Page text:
In Bible times, how were scrolls made, and how were they used?
The Gospel of Luke speaks of Jesus’ opening the scroll of Isaiah, reading from it, and then rerolling it. At the end of John’s Gospel, John too spoke of a scroll, saying that he was not able to include in his scroll all the signs that Jesus had performed.
How were scrolls made? Pieces of such materials as leather, parchment, or papyrus were glued together to form a strip, or a roll. This could then be wrapped around a rod with the written face on the inside. The writing appeared in short vertical columns across the width of the roll. If the scroll was long, it would have rods at both ends, which the reader would use to unroll the text with one hand and roll it up with the other, until the desired place was found.
“A scroll had the advantage of being long enough [often about 33 feet (10 m)] to contain a whole book in a small volume, once it was rolled up,” says The Anchor Bible Dictionary. It is estimated that the Gospel of Luke, for example, would have required a roll some 31 feet (9.5 m) in length. In some cases, a scroll’s top and bottom edges were trimmed, rubbed smooth with pumice stone, and dyed.
Who may have been the “chief priests” who were mentioned in the Christian Greek Scriptures?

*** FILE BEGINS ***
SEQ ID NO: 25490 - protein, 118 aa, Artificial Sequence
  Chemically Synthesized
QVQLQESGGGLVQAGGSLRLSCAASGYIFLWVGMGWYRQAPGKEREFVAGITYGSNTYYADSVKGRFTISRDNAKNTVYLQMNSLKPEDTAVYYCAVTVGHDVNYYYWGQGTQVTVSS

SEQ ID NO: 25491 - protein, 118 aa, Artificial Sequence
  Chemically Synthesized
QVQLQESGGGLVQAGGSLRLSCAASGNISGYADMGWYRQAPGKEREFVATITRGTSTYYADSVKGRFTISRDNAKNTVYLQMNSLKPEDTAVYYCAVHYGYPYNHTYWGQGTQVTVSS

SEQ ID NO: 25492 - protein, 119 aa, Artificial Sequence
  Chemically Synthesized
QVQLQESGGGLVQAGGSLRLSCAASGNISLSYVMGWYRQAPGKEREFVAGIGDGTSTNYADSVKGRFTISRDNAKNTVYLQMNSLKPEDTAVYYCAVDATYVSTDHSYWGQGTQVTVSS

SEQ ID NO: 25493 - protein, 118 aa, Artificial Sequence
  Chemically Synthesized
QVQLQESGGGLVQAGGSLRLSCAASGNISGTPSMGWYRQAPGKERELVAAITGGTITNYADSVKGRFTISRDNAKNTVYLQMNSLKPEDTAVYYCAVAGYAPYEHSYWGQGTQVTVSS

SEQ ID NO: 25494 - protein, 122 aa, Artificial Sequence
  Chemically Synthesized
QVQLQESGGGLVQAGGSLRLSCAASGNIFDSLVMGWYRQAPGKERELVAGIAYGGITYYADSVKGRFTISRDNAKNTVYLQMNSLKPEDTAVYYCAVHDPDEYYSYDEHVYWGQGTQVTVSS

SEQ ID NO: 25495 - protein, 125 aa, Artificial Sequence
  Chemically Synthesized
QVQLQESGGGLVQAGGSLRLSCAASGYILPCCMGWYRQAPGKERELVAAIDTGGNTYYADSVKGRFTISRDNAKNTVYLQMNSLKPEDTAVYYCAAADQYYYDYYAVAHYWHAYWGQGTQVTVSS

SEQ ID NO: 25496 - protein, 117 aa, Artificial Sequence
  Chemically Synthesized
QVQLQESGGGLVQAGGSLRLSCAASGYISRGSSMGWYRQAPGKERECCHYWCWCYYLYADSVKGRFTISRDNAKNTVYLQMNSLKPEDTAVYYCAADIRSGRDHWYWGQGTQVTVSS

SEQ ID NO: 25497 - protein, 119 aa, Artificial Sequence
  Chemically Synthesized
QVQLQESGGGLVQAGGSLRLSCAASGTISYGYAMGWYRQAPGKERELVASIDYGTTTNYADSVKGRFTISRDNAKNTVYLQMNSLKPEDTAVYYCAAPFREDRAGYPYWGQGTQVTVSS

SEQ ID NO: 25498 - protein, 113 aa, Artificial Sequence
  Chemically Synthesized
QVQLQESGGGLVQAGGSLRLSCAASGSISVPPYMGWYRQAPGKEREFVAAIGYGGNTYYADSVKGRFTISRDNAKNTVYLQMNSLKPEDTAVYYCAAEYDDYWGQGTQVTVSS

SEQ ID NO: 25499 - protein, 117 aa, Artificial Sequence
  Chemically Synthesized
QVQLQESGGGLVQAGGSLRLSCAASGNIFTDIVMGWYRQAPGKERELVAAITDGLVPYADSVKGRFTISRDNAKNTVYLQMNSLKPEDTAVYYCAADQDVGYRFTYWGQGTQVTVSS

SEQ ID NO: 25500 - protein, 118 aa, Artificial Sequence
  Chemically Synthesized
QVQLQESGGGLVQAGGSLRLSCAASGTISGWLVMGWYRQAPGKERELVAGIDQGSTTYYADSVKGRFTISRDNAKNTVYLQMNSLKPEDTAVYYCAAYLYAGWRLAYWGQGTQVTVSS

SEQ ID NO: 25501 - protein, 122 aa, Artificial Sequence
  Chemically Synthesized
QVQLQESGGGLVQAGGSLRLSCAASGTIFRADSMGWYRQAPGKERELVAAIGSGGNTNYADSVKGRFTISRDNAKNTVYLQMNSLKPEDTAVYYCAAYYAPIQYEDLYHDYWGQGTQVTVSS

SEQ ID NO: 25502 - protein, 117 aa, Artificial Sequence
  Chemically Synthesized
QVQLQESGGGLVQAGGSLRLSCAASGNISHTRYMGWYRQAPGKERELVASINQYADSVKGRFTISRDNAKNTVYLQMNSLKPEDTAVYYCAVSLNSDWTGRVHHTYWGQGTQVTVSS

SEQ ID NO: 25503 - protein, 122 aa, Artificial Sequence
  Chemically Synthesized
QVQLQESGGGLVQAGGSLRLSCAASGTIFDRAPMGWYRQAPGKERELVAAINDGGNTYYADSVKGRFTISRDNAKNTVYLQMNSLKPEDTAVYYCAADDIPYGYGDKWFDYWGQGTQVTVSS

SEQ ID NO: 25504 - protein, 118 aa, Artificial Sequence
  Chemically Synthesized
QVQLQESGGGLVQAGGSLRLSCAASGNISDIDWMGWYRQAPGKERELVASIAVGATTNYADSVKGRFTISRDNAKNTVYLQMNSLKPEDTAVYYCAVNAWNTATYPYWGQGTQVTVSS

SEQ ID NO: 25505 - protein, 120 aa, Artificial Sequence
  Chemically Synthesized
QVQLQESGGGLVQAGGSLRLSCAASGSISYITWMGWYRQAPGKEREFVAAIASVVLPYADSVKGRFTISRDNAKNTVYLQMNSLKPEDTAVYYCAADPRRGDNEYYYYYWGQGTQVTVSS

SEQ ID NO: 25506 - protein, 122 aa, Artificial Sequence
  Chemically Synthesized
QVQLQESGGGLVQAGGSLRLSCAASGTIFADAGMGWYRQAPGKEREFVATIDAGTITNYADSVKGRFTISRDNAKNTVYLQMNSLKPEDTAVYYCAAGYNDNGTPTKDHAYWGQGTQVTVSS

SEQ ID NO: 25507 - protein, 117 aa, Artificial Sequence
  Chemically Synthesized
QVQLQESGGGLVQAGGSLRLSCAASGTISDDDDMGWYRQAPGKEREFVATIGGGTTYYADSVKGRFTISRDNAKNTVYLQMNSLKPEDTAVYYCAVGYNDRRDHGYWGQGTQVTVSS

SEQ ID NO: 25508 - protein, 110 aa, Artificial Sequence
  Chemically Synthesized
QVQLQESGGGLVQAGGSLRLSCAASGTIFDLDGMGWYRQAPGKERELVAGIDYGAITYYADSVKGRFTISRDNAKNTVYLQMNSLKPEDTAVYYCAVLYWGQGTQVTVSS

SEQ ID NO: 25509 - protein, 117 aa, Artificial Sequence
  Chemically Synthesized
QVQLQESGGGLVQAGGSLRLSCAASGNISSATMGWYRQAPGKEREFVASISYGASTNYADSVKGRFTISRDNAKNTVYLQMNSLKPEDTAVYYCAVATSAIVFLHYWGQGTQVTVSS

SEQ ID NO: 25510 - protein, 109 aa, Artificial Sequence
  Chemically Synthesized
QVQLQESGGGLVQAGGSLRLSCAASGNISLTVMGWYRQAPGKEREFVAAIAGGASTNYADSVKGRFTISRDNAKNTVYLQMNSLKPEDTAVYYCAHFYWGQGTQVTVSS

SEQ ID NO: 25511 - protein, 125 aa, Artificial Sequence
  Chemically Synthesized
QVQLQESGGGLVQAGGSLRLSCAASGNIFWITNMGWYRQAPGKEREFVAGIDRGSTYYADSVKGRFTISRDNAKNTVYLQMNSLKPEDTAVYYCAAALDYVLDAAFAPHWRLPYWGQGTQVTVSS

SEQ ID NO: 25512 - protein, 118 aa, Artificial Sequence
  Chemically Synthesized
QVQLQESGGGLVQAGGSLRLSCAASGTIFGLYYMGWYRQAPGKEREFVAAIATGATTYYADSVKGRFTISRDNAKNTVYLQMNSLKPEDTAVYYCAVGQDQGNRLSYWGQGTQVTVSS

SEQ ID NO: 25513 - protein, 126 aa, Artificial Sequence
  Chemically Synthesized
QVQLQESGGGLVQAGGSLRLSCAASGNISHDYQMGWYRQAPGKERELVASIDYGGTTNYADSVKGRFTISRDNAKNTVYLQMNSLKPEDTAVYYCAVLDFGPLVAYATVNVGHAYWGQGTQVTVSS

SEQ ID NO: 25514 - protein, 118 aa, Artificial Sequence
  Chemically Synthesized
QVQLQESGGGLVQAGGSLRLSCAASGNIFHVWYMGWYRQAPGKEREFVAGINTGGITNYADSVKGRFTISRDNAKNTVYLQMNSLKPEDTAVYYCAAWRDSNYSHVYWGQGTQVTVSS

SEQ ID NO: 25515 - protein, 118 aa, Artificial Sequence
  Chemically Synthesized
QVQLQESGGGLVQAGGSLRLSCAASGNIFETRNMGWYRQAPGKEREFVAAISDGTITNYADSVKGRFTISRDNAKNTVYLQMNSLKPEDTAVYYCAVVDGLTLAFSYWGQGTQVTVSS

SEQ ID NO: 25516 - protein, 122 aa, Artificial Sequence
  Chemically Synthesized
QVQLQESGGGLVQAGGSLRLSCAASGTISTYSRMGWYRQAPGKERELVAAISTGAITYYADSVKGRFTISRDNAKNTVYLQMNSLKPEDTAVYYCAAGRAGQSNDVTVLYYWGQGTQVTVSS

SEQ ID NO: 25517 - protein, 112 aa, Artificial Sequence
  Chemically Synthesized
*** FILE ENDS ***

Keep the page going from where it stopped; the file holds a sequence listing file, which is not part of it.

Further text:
From the inception of the Israelite priesthood, only one man at a time served in the capacity of high priest, which initially was a lifelong appointment. (Numbers 35:25) Aaron was the first to serve in this capacity. Subsequently, the honor generally passed from father to oldest son. (Exodus 29:9) Many of Aaron’s male descendants served as priests, but only relatively few as high priests.
When Israel came under foreign domination, non-Israelite rulers appointed and removed Jewish high priests at will. It appears, however, that new appointees were almost always chosen from a select number of privileged families, mostly from the line of Aaron. The expression “chief priests” evidently refers to principal members of the priesthood. The chief priests may have included the heads of the 24 divisions of the priesthood; prominent members of high-priestly families; and former high priests who had been deposed, such as Annas.